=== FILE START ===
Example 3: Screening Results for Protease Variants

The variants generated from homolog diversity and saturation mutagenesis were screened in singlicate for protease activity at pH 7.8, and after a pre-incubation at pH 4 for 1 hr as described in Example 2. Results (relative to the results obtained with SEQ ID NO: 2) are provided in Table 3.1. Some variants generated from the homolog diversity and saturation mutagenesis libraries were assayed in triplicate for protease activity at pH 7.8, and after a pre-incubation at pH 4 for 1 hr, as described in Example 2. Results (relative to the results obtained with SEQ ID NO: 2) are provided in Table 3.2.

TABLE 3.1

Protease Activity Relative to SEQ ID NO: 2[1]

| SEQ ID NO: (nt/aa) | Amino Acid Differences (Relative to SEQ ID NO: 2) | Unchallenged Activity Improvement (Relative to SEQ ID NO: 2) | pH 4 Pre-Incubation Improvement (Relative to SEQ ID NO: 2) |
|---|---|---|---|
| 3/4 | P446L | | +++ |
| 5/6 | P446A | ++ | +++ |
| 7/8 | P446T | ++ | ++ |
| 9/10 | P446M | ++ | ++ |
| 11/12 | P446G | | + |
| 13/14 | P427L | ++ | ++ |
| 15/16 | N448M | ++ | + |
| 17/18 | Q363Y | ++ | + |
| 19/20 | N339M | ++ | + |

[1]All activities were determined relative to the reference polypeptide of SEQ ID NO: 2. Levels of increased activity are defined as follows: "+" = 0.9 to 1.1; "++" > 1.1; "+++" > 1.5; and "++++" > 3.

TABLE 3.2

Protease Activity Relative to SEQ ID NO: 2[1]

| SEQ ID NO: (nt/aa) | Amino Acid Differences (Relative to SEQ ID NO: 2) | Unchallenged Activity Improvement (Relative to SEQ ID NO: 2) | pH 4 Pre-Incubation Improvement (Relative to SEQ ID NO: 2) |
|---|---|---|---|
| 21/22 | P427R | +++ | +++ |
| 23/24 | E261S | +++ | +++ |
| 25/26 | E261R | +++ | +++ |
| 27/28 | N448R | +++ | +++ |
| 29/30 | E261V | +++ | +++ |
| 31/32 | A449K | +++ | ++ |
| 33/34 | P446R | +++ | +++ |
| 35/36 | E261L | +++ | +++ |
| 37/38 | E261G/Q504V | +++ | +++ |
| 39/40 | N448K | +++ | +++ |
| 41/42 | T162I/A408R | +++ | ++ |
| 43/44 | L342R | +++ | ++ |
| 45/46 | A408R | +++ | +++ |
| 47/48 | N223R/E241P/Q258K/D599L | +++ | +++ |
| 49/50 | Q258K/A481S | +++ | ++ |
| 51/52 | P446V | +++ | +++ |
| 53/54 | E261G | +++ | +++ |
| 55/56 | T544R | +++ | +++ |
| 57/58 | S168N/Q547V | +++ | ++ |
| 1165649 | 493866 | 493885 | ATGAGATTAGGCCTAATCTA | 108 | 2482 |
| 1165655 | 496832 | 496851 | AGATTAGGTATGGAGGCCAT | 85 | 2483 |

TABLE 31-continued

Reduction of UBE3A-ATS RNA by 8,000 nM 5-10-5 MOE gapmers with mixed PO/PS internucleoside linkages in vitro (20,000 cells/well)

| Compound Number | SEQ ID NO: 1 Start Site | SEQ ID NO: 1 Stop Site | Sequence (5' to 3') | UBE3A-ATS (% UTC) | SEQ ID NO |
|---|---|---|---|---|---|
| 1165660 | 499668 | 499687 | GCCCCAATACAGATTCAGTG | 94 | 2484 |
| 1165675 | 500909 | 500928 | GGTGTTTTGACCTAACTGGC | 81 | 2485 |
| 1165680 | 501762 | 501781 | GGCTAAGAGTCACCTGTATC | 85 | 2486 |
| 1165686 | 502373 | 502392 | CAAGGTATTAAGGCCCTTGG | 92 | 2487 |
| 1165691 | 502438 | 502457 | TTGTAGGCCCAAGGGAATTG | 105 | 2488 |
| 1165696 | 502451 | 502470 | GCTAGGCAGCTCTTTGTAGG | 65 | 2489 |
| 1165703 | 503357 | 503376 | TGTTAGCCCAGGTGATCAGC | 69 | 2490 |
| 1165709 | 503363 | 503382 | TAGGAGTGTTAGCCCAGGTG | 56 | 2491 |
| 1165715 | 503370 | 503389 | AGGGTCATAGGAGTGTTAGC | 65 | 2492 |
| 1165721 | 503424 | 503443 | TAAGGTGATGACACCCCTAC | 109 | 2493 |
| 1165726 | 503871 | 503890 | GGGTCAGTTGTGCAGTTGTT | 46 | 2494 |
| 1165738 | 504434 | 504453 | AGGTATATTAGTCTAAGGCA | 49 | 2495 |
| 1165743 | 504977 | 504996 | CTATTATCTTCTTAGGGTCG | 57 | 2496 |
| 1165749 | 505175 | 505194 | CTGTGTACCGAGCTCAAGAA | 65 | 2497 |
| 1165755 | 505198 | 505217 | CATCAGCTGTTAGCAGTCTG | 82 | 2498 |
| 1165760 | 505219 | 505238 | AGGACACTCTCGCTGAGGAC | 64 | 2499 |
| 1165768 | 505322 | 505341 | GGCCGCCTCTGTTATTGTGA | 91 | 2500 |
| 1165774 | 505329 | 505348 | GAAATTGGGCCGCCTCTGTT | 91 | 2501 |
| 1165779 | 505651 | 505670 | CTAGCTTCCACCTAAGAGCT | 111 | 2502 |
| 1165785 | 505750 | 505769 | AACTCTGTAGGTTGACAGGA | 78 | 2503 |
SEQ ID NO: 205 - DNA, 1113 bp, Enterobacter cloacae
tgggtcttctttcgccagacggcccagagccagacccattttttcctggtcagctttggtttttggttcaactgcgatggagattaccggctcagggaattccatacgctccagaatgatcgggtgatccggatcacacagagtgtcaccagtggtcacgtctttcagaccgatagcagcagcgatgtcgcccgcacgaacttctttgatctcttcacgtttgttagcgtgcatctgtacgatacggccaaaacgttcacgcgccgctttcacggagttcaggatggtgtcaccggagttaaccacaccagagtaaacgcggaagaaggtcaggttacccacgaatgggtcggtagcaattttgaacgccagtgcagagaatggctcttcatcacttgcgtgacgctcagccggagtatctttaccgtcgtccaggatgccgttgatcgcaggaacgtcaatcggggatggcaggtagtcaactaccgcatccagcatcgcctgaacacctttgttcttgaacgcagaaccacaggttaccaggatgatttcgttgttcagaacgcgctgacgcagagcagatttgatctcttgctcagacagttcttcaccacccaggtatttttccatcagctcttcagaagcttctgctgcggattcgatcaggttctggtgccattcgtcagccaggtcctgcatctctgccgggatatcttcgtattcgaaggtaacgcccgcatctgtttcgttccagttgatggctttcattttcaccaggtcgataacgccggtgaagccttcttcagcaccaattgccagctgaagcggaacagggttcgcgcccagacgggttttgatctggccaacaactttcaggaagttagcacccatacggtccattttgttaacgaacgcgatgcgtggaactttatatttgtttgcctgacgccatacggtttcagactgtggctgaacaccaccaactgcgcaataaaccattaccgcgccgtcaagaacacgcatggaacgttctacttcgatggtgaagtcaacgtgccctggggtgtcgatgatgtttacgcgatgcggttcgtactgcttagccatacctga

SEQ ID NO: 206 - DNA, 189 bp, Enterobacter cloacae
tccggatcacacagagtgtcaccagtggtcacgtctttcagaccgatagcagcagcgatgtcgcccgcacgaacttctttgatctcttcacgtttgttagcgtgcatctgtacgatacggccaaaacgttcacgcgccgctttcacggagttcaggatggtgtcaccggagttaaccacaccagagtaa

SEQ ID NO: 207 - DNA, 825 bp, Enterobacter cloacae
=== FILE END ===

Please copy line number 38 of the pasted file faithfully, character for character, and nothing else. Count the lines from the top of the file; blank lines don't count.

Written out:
| 55/56 | T544R | +++ | +++ |